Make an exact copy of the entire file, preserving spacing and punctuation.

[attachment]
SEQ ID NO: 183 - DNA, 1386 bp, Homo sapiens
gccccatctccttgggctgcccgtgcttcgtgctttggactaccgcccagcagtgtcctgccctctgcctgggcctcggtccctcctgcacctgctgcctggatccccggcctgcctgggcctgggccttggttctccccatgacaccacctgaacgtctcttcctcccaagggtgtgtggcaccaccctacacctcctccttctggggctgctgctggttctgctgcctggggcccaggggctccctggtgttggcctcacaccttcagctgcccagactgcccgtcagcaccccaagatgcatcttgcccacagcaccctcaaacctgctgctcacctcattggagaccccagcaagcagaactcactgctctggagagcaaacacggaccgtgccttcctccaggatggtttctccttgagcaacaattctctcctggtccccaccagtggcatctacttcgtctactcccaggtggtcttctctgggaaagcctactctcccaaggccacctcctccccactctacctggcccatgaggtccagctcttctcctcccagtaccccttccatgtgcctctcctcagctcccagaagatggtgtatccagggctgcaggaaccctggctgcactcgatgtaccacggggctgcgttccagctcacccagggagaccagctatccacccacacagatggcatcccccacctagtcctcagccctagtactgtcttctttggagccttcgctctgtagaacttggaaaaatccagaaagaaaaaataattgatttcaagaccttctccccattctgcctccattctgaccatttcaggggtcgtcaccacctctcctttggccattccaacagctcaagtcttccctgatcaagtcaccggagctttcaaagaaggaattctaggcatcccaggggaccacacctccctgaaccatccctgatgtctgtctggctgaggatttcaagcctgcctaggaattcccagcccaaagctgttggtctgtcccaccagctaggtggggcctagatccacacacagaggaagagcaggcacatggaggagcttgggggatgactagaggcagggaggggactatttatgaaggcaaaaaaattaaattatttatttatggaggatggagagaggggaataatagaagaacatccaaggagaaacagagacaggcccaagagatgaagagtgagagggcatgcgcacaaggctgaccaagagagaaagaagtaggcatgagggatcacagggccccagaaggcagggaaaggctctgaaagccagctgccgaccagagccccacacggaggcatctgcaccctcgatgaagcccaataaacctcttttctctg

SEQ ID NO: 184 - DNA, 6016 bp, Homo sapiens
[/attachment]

SEQ ID NO: 183 - DNA, 1386 bp, Homo sapiens
gccccatctccttgggctgcccgtgcttcgtgctttggactaccgcccagcagtgtcctgccctctgcctgggcctcggtccctcctgcacctgctgcctggatccccggcctgcctgggcctgggccttggttctccccatgacaccacctgaacgtctcttcctcccaagggtgtgtggcaccaccctacacctcctccttctggggctgctgctggttctgctgcctggggcccaggggctccctggtgttggcctcacaccttcagctgcccagactgcccgtcagcaccccaagatgcatcttgcccacagcaccctcaaacctgctgctcacctcattggagaccccagcaagcagaactcactgctctggagagcaaacacggaccgtgccttcctccaggatggtttctccttgagcaacaattctctcctggtccccaccagtggcatctacttcgtctactcccaggtggtcttctctgggaaagcctactctcccaaggccacctcctccccactctacctggcccatgaggtccagctcttctcctcccagtaccccttccatgtgcctctcctcagctcccagaagatggtgtatccagggctgcaggaaccctggctgcactcgatgtaccacggggctgcgttccagctcacccagggagaccagctatccacccacacagatggcatcccccacctagtcctcagccctagtactgtcttctttggagccttcgctctgtagaacttggaaaaatccagaaagaaaaaataattgatttcaagaccttctccccattctgcctccattctgaccatttcaggggtcgtcaccacctctcctttggccattccaacagctcaagtcttccctgatcaagtcaccggagctttcaaagaaggaattctaggcatcccaggggaccacacctccctgaaccatccctgatgtctgtctggctgaggatttcaagcctgcctaggaattcccagcccaaagctgttggtctgtcccaccagctaggtggggcctagatccacacacagaggaagagcaggcacatggaggagcttgggggatgactagaggcagggaggggactatttatgaaggcaaaaaaattaaattatttatttatggaggatggagagaggggaataatagaagaacatccaaggagaaacagagacaggcccaagagatgaagagtgagagggcatgcgcacaaggctgaccaagagagaaagaagtaggcatgagggatcacagggccccagaaggcagggaaaggctctgaaagccagctgccgaccagagccccacacggaggcatctgcaccctcgatgaagcccaataaacctcttttctctg

SEQ ID NO: 184 - DNA, 6016 bp, Homo sapiens